ICCT analysis: EVs are cleaner than ICE vehicles

Analysts with the International Council on Clean Transportation (ICCT) recently compared greenhouse gas (GHG) emissions of electric cars to emissions from cars equipped with combustion engines.

The findings were not surprising.

Among other things, the ICCT analysis indicated that the typical EV produces 50 percent fewer GHG emissions than the average passenger car in Europe. What’s more, the ICCT analysis found electric cars in Europe were nearly 30 percent cleaner over their lifetime versus cars with combustion engines.

“In markets with very low-carbon electricity, such as Norway or France, electric vehicles produce less than a third of the life-cycle emissions of an average combustion-engine vehicle,” the report stated. The finding, ICCT said, “bolsters governments’ goals to promote electric cars as part of their decarbonization strategies.”

The analysis also showed that emissions produced during the manufacturing of an EV are paid off after just two years. That number drops to one and a half years if the car is charged primarily with renewable power. Also, about half of a battery’s emissions stem from the production of electricity used during the manufacturing process. Emissions from the manufacture of a battery were similar to emissions produced during the manufacture of a combustion engine, the analysis found.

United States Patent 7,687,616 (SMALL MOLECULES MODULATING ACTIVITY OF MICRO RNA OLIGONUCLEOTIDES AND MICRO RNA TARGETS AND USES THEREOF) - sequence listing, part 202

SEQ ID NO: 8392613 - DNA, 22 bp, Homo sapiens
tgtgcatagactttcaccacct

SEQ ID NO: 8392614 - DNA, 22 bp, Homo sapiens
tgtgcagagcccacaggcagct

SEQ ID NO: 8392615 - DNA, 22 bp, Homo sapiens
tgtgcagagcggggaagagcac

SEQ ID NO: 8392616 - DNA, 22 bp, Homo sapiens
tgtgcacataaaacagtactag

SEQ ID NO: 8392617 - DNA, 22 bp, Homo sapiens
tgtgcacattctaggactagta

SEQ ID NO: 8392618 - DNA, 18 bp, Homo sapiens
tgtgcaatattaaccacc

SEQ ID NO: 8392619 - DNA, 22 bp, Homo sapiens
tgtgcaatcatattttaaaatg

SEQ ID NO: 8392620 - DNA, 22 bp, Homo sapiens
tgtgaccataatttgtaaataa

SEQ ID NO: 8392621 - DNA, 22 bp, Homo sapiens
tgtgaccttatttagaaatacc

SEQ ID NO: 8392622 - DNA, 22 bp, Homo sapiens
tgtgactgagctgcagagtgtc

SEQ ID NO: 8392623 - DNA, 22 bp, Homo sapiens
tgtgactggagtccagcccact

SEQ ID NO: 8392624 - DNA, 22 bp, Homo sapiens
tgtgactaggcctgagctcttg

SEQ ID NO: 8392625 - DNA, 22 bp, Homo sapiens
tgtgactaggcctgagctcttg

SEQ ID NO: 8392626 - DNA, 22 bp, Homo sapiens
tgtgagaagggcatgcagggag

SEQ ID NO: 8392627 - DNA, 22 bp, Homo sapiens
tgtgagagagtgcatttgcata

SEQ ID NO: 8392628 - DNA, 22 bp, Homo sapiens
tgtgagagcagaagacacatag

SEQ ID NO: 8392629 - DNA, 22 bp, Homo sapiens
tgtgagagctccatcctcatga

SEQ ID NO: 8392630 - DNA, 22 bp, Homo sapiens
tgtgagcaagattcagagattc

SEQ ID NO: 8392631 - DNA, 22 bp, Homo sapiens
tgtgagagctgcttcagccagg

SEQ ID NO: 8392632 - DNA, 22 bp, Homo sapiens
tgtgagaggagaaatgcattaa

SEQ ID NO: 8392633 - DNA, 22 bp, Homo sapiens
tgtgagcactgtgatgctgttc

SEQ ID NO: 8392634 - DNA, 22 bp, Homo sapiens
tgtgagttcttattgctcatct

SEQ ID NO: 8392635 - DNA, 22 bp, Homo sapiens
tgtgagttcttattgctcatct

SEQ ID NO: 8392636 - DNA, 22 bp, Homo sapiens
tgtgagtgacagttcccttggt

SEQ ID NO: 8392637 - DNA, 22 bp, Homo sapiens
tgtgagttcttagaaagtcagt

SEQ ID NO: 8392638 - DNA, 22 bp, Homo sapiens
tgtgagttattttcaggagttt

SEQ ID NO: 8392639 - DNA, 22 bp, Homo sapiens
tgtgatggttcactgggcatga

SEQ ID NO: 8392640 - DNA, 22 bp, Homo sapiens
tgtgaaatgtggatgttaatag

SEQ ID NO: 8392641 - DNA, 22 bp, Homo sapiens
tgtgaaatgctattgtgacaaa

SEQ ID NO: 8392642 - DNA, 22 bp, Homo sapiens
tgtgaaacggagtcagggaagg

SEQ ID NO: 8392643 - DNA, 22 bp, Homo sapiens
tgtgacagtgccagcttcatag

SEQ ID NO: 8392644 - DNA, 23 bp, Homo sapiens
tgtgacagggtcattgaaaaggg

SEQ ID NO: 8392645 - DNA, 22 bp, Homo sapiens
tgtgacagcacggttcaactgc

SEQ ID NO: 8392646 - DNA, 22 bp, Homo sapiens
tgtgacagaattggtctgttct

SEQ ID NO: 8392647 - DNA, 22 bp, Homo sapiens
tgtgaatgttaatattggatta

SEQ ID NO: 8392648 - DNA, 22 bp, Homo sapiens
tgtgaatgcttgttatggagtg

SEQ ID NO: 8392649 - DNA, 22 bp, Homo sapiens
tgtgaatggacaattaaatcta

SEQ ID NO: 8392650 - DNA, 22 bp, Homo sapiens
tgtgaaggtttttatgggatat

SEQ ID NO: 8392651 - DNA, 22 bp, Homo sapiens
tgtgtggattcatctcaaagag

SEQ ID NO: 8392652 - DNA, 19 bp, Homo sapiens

The increased use of cleaner electricity in Europe means emissions from battery manufacturing will likely drop significantly in coming decades. “A 30-percent decrease in grid carbon intensity would reduce emissions from the battery production chain by about 17 percent,” according to ICCT.

The analysis concluded that it would be problematic to incorporate manufacturing emissions into regulations governing the emissions output of EVs. To avoid unfairly penalizing EVs, such a policy should include manufacturing emissions for all vehicle components.

“Slowing down electric vehicle uptake to wait for a near-zero-emission grid would be incompatible with global goals to decarbonize the transport sector by 2050,” ICCT analysts concluded.

 

Source: ICCT

  • mrrumbles

    Does the analysis really show that the emissions associated with an engine and battery are similar? From the graph, the purple portion of the left-most chart is under 50 g/km, while the green portion from the EVs is at least 75 g/km. However, the (under) 50 g/km corresponds to the emissions associated with the entire manufacturing of the conventional vehicle. Looking at Norway, for example, shows that the “other manufacturing” is 40 g/km. So this graph seems to indicate that the manufacturing of an engine results in under 10 g/km. I am not saying that this is correct, but that’s what the chart is indicating.

  • SeriouslyWTF1

    And
    this is about to get much more dramatic. Ontario’s newest gold mine
    will be all electric. Every piece of equipment from drills to haul
    trucks will be electric or batteries. They are projecting saving 7,500
    tons of CO2 and eliminate 3 million litres of diesel fuel, 1 million
    litres of propane per year.
    An Ontario company just won an award for their electric and battery power mine equipment.
    https://twitter.com/MacLeanEng/status/968494560547520512

  • http://www.lmasisi.co.za/ Lesedi Masisi

    Does this analysis consider well-to-wheels, e.g. the CO2 emissions due to the extraction and development of batteries or is it simply on the vehicles themselves??